Feeds

back to article Amazon Kindle Fire browser hacked for your Android pleasure

Hackers have managed to get Amazon's proxy-based Silk browser compiled into other Android versions, allowing anyone* to take advantage of the Amazon cloud. The hack requires a rooted device, and some mucking about with apk files, but does share the Silk love. XDA-Developers member TyHi initially hacked the Silk browser into the …

COMMENTS

This topic is closed for new posts.
FAIL

or

you could just run the far superior Opera Mini, which is the same concept, but in a mature product form.

5
11
Silver badge
WTF?

Which is exactly what the article says.

Isn't it ?

10
1
Silver badge

Turbo != Mini

The article mentions the Turbo option, which is a setting in Opera's regular browser. Opera Mini is a different app which has the functionality as standard. It's worth a mention.

1
0
Anonymous Coward

Opera Mini

That's right, I used Opera mini to bypass the site blocking protocol on a T mobile broadband dongle.

They wanted credit card details and to charge a £2 fee for unblocking it legitimately.

I was pissed off because If they had told me about the site blocking on this beforehand I wouldn't have bought it. (and since I paid for the thing with a credit card in the first place why should I pay again?).

I tried it with the turbo version too but that wouldn't work for some reason.

1
0

or the even more superior Opera Mobile

0
0
Anonymous Coward

Why?

Silk seems an underwhelming performer at best, and potentially a major privacy intrusion. Why would anyone want to spread it further?

2
0
JDX
Gold badge

@Ralph 5

Read the damn article.

0
2
Anonymous Coward

Same question springs to mind

It's like hearing my accountant filed my business accounts twice with HMRC to see if they would charge twice as much tax. If I wondered why, he might say, "this is just a hack to demonstrate what can be done"... to which I could only respond with, "but why??"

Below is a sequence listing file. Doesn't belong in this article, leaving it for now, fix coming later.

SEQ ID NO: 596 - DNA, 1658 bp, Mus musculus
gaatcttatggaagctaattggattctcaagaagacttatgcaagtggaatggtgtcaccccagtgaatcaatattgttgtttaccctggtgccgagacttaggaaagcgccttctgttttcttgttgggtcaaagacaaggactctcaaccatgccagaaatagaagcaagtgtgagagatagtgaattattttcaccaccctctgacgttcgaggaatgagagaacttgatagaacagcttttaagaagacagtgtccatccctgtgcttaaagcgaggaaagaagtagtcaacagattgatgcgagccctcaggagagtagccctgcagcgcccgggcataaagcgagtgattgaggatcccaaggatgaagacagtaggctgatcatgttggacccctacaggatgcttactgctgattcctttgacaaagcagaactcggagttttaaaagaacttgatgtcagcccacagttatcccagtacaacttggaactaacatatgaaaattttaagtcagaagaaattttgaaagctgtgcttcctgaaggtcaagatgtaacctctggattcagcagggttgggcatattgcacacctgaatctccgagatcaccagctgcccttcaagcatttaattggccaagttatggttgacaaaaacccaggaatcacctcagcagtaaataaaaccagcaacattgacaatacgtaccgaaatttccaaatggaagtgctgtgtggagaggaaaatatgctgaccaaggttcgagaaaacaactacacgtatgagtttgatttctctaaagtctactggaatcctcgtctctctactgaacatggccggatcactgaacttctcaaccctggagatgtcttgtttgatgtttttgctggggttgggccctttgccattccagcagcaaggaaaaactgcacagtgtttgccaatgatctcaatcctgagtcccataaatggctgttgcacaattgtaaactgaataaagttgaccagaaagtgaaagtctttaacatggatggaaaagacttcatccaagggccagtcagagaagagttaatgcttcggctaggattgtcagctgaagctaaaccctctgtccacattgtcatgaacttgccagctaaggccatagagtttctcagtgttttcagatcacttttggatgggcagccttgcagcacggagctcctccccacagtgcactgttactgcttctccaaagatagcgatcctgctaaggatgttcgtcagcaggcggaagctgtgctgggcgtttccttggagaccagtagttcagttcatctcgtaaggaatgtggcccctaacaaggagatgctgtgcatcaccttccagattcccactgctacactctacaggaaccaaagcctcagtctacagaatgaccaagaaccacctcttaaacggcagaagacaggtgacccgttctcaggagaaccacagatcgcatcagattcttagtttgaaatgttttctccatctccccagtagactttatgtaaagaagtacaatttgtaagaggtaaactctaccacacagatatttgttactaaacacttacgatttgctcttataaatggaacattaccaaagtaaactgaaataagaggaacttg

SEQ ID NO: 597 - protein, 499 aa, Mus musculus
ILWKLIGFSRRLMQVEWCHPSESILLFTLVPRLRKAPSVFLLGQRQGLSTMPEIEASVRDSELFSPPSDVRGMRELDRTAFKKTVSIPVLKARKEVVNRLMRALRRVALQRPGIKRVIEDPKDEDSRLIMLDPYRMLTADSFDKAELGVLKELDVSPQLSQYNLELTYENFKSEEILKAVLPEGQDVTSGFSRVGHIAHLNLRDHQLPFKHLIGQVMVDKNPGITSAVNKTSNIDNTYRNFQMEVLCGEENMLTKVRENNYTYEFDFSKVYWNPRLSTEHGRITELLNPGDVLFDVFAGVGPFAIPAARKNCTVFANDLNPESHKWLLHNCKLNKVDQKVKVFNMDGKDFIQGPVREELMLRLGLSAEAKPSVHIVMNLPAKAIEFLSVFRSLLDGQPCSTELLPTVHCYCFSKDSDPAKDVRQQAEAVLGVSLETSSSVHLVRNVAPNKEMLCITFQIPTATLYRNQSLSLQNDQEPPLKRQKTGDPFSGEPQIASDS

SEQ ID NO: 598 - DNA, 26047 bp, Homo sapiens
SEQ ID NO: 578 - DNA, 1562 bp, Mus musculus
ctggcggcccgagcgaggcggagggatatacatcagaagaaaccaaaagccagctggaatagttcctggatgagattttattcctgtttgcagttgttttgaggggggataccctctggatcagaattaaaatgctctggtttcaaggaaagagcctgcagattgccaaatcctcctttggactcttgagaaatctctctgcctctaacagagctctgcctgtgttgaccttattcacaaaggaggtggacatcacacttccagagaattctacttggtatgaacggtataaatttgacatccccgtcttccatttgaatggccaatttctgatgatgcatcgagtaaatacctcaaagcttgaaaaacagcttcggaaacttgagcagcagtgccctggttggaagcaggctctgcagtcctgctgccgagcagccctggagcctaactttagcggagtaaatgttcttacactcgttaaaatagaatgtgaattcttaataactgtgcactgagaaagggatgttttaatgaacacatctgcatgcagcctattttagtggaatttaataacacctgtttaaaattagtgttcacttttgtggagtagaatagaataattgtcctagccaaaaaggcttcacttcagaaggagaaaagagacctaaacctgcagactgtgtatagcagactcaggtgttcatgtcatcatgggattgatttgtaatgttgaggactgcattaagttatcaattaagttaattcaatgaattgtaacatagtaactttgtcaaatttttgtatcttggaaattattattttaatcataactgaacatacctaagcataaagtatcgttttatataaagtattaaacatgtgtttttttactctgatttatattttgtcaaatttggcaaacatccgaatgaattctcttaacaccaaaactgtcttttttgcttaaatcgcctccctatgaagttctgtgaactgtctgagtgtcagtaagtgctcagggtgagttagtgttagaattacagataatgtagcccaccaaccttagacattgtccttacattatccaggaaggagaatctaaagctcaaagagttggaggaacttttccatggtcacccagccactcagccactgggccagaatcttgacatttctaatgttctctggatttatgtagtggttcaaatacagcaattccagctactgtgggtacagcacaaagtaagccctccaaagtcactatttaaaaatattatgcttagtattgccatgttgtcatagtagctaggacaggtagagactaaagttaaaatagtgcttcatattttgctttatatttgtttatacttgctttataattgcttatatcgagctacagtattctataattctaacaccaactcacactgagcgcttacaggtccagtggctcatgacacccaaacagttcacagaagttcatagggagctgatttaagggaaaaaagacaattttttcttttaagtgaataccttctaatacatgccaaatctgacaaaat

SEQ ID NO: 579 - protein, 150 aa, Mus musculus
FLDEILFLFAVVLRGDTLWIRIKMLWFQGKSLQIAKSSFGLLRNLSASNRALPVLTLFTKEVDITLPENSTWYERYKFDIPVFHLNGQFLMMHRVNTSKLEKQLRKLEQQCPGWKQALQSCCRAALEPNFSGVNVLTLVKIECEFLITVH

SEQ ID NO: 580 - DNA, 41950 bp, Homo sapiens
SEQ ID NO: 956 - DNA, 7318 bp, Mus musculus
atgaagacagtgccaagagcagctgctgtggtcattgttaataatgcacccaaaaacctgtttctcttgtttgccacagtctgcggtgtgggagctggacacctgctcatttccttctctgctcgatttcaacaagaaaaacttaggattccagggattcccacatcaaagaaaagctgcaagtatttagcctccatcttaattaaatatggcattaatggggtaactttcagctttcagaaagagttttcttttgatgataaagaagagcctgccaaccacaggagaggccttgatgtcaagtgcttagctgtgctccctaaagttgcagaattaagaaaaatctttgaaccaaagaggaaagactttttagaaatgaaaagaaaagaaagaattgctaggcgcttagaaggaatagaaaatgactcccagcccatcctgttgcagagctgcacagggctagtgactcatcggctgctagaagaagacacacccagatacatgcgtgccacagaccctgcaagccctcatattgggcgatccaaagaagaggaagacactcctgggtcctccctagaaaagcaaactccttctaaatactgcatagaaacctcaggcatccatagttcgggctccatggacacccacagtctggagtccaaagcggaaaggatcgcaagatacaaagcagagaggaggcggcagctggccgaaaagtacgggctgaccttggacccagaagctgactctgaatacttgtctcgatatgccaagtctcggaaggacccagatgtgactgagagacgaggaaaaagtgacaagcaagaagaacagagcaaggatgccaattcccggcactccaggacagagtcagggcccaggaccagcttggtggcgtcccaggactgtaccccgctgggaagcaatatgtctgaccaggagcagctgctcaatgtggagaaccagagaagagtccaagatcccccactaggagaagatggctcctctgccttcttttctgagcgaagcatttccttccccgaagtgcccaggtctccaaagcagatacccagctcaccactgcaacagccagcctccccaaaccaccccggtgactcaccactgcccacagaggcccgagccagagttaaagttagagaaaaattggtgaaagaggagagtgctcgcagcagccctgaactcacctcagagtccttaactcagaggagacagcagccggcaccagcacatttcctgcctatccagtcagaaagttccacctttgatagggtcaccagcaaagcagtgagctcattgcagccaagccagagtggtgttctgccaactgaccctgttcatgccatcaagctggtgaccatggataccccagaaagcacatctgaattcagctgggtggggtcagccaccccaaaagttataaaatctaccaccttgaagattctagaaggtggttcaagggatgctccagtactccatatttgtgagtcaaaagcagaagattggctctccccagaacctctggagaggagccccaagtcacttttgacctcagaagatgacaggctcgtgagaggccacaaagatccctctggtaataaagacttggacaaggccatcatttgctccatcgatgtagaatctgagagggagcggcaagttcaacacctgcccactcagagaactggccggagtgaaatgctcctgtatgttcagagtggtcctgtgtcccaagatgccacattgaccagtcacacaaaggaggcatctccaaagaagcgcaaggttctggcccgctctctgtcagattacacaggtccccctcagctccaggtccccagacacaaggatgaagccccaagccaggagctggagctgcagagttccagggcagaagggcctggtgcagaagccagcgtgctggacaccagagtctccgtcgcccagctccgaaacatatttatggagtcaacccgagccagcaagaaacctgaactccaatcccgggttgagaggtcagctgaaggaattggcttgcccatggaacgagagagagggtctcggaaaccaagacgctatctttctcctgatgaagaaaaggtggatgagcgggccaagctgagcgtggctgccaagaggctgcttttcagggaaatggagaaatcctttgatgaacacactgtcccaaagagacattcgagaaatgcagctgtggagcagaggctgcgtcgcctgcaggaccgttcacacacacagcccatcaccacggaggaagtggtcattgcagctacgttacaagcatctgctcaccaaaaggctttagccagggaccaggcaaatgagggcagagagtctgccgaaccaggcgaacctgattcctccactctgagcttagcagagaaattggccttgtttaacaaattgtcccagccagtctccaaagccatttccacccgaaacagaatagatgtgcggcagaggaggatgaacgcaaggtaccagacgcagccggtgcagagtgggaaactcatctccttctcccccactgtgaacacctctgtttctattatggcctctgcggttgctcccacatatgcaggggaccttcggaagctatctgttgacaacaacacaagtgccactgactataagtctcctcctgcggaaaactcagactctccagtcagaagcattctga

1
0
Silver badge
Thumb Down

Er...

"So the only reason for wanting to run Silk would seem to be a desire to let Amazon know more about one's browsing habits"

Perhaps the enquirer would like some insight as to an advantage that makes the above worth the cost?

If you don't have one there's no need to say so.

0
0
JDX
Gold badge

Although

I don't really care if Amazon knows my history. Privacy advocates seem to complain about this for the principle involved, without actually explaining why it's worse than Hitler and Stalin combined.

Tesco know all the things I buy in their store and my credit card company knows _everything_ I buy, should I be worried by those things too? Damn you Tesco, reminding me I forgot to buy milk!

1
1
Anonymous Coward

With a bank you accept that they know, with browsing we have had it free'n'easy for so long we find it sort of creepy that from all the little snippets of info we leave in our wake, they can piece our lives back together again. It's also the beginning of a slippery slope, no harm in keeping those who think they can abuse our privacy, in check once in a while.

2
1
Meh

Silk like Opera Turbo?

I hope not too like it.

Opera Turbo really messes with location sensative sites and services. Opera Trubo kills iPlayer, TVCatchup and changes the content of BBC News, BBC homepage and many others.

If Amazon Silk suffers the same problem I wondering if it makes investing in a browser enabled Kindle at all.

0
0
This topic is closed for new posts.